Underage drinking
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Underage Drinking. Student Group A English 2001 December 2, 2013. Background Information. Nationwide Concern Early Onset 8 th Graders – 40 % 10 th Graders – 66 % 12 th Graders – 75 % Quantity Adolescents drink about twice as much per occasion. Health Effects. Physical

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Underage drinking

Underage Drinking

Student Group A

English 2001

December 2, 2013


Background information

Background Information

  • Nationwide Concern

  • Early Onset

    • 8th Graders – 40 %

    • 10th Graders – 66 %

    • 12th Graders – 75 %

  • Quantity

    • Adolescents drink about twice as much per occasion


Health effects

Health Effects

  • Physical

    • Alcohol can harm the liver, bones, endocrine system, and brain, and interfere with growth over shorter periods in adolescents

  • Mental

    • Associated with suicide, violence, and adolescent brain development

  • Injury Death

    • Alcohol is a leading contributor to injury death, the main cause of death for people under age 21


Other effects

Other Effects

  • Decision Making

    • Unnecessary Risks

    • Unprotected sex

  • Dependence

    • Those who drink at 15 are 4 times as likely to be dependent as those who don’t drink before 21

  • Academic Failure

    • Underage drinking has a negative effect on academic achievement


Why drink

Why Drink?

  • Among underage college students, drinking is extremely prevalent. For many reasons, this specific age group is associated with several risk factors. Some of these include:

  • Brain development-People in their late teens are in a stage of growth in which they desire to seek risky behavior without being aware of the consequences.

  • View on drinking-Adolescents tend to have a more positive view on drinking, even if they used to have a negative one at a younger age.

  • Tolerance to alcohol-Young college students are able to take in more alcohol before they experience negative side effects.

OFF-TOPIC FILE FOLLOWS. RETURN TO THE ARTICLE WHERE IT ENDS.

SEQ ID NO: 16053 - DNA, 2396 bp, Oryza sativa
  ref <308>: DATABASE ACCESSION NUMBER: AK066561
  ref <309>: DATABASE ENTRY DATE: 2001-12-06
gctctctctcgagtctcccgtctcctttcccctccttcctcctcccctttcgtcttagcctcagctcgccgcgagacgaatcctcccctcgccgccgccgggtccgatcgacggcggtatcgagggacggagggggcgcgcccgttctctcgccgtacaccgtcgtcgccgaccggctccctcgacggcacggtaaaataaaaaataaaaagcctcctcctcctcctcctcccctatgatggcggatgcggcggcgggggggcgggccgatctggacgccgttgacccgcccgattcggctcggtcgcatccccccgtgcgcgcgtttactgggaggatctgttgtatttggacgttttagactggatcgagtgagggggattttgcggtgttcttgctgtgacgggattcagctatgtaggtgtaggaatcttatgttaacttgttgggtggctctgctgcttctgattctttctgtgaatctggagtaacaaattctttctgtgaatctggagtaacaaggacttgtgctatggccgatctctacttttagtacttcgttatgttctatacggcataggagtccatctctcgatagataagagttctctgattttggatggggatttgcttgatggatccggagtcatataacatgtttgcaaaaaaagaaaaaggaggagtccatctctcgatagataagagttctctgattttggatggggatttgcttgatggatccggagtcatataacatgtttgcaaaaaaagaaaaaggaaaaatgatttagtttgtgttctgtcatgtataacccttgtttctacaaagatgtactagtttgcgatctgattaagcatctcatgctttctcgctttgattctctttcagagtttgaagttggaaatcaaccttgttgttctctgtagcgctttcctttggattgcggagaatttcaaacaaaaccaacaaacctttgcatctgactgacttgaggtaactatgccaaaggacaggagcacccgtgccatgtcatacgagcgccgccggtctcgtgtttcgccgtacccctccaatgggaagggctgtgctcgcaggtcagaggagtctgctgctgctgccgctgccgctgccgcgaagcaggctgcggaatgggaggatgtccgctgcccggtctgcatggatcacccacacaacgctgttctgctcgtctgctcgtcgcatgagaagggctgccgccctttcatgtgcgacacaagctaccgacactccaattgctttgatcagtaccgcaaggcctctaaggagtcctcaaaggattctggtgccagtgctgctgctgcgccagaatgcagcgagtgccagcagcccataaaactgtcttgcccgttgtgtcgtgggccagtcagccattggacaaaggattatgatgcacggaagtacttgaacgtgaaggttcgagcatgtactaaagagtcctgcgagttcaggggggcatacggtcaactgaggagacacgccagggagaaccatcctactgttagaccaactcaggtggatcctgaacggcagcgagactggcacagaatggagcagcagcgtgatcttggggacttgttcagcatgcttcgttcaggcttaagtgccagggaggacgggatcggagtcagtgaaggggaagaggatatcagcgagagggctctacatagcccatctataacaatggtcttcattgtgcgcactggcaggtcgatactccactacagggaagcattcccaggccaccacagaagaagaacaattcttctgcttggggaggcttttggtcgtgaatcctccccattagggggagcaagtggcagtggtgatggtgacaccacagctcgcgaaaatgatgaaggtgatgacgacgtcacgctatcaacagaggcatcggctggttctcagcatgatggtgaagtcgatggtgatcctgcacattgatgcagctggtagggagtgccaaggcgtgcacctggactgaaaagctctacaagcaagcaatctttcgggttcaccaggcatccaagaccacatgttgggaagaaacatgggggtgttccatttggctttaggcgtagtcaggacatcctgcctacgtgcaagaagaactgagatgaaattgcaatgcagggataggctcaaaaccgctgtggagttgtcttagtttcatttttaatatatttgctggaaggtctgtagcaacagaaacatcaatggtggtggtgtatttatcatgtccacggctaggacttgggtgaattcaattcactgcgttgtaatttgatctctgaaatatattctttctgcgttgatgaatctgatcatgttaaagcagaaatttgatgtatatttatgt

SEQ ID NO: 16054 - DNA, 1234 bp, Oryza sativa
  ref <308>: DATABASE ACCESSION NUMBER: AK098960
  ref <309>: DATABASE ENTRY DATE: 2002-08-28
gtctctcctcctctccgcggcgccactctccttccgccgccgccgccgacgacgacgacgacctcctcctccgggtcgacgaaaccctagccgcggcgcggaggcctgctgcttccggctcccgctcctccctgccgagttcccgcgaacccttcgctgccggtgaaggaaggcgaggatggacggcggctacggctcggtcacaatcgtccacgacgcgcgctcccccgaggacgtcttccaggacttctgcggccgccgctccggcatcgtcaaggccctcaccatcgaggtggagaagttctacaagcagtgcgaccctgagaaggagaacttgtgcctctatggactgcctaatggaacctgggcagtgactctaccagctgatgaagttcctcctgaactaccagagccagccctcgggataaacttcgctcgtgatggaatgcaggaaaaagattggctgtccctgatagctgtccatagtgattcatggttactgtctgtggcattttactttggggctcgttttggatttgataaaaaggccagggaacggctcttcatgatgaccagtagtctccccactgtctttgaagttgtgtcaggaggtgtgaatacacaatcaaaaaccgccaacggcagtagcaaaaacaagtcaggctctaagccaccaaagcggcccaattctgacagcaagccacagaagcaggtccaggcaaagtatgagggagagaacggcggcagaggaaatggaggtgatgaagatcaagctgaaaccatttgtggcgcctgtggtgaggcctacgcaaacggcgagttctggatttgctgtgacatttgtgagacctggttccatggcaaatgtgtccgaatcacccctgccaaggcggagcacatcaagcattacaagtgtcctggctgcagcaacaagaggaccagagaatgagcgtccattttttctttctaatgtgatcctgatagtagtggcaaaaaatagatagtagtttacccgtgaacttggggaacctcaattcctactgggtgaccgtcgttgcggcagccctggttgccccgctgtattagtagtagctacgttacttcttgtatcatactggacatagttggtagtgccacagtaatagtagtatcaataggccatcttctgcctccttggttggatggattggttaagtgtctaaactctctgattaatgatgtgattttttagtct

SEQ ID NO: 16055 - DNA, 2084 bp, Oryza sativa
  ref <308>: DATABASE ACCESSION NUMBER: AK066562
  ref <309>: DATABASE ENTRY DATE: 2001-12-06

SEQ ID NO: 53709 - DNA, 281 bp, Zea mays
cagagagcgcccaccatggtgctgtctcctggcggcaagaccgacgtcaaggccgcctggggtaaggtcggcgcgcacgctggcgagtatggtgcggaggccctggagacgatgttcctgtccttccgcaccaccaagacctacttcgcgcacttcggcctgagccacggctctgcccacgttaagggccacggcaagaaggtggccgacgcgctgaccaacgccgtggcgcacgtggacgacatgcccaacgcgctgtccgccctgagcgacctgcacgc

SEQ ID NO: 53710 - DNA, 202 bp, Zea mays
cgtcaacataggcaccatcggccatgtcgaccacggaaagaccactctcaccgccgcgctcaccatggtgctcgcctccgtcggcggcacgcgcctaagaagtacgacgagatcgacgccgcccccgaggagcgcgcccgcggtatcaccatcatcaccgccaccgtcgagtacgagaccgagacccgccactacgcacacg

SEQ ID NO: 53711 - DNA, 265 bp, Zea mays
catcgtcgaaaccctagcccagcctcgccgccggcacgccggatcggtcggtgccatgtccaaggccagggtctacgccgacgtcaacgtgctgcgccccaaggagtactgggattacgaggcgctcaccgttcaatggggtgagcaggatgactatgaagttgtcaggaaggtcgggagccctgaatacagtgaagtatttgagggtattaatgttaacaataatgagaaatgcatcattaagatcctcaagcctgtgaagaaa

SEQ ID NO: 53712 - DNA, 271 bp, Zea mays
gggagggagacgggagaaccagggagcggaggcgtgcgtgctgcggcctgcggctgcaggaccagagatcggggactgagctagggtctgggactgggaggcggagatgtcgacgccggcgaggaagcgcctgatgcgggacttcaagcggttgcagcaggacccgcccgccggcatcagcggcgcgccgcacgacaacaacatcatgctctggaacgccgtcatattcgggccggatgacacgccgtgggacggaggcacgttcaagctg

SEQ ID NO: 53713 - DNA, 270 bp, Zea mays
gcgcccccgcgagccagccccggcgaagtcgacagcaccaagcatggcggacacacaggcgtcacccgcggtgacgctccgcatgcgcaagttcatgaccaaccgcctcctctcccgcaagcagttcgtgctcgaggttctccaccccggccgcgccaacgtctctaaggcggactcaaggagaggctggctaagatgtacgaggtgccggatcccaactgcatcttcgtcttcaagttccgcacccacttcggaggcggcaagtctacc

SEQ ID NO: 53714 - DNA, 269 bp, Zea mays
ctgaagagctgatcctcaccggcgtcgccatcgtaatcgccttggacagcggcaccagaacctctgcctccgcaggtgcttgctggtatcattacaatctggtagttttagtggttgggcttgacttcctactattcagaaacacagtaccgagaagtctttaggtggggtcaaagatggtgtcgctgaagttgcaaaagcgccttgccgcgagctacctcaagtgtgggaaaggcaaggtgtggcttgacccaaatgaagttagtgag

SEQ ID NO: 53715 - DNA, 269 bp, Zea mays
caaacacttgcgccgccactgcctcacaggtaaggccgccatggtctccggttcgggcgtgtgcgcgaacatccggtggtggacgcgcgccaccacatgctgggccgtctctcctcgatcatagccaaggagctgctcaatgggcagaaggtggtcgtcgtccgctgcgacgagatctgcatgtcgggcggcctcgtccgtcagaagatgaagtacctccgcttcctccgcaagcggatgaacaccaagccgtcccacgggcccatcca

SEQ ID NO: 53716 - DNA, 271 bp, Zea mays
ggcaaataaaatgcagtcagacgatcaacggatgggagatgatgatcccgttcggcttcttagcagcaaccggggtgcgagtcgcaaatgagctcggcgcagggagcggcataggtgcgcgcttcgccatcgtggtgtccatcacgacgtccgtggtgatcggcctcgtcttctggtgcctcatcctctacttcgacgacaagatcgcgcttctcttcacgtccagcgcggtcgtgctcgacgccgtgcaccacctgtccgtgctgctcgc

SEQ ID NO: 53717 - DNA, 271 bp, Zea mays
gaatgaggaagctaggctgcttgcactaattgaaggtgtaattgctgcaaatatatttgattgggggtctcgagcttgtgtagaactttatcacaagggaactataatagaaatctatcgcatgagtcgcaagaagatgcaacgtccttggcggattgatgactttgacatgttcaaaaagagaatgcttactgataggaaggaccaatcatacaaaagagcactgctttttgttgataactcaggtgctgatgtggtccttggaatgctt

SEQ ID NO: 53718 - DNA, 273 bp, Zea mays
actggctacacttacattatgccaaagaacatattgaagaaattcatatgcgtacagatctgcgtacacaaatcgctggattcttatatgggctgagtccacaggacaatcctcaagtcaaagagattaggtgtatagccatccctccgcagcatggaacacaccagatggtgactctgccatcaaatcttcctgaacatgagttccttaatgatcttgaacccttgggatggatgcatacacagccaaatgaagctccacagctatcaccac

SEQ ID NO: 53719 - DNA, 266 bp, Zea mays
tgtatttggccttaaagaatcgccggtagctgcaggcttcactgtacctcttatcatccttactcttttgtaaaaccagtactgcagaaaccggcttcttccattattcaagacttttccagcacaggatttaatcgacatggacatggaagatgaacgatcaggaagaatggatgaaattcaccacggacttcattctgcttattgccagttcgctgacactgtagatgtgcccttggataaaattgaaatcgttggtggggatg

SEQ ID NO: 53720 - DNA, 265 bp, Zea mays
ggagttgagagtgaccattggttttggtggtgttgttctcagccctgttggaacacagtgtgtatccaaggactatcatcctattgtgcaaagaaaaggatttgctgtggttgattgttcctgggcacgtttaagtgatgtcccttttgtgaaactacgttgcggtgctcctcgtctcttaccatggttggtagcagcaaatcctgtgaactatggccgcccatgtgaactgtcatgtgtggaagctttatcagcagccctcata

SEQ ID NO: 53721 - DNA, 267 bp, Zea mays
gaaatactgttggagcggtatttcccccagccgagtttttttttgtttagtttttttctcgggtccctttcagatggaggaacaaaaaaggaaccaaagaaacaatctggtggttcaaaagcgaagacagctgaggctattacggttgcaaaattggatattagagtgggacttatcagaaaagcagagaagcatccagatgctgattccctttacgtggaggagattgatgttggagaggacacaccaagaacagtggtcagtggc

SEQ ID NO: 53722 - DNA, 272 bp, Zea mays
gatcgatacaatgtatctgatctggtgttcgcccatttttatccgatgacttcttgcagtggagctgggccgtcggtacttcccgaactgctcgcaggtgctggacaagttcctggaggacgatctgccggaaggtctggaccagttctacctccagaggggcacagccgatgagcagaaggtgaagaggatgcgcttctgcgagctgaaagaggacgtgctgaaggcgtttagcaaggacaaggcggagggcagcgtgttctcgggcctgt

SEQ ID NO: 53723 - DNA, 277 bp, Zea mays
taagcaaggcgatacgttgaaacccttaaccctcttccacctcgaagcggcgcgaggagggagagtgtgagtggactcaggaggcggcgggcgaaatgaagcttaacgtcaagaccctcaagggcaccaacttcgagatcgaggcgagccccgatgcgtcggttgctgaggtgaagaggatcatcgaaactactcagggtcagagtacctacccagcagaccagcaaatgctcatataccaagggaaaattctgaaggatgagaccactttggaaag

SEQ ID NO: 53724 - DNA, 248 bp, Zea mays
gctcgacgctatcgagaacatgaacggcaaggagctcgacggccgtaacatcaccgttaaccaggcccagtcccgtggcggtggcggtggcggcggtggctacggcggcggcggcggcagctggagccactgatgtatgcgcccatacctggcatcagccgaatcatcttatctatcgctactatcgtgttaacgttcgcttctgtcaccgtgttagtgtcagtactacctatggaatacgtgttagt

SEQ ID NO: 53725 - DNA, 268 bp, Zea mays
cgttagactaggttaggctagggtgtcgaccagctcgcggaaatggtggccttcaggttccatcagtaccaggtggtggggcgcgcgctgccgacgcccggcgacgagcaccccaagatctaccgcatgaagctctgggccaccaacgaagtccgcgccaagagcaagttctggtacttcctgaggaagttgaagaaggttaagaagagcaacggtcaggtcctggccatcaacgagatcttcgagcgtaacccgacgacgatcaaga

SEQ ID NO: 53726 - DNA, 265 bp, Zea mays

• Environmental factors-The environment is one of the largest factors in promoting drinking. Adolescents that are around peers that encourage drinking have been proven to engage in binge drinking on a regular basis.


What can we do

What Can We Do?

  • Even though underage drinkers are prone to many risk factors that are difficult to control, environmental factors are the one thing that can be maintained with new measures.

  • Environmental factors are currently all too prevalent at college. The main ones in today’s universities involve:

    • Low prices on alcohol

    • Easy access to alcohol

    • Lack of law enforcement

  • To solve the problem, these factors have to be reversed by altering the policies that are now proving to be all too ineffective.


How bad is the problem now

How Bad is the Problem Now?

  • Current solutions:

    • In 1984, to counteract the excessive drinking habits present in youth, the U.S Congress implemented the National Minimum Purchase Age Act, setting the minimum age at 21.

    • Alcohol sellers have to be 21.

    • Keg registration laws.

  • Current issues:

    • Car accidents are the leading cause of death among people 35 years old and younger, and about half of these deaths involve alcohol.

    • Based on a study, 43.6% of underage students are classified as binge drinkers.

    • Based on data by the 1999 Harvard School of Public Health College, college underage drinkers do not drink as much, but when they do, they drink in large quantities.


Alcohol prices

Alcohol Prices

  • Low alcohol prices have been proven to be a risk factor for underage binge drinkers.

  • Today, it is possible to spend only $5.00, and obtain enough alcohol to get legally intoxicated.

  • Taxes

  • Since many different kinds of alcohol have low prices, a standardized tax would be required to obtain maximum effect.

  • Based on data from the University of Michigan’s Institute for Social Research, beer taxes had a significant effect on reducing the quantity of alcohol taken in by the youth.

  • Young people are more sensitive to price, as they will respond to a uniform price more significantly.


Alcohol prices1

Alcohol Prices

  • Taxes have been successful, but other factors can reduce their full potential.

  • Underage students can get their alcohol free from other sources, meaning policies have to go further than taxes.

  • Sources

    • Parties

    • Local bars


Alcohol availability

Alcohol Availability

  • Environmental influences

  • In college, the environment promotes drinking, making it easier to gain a positive view on drinking.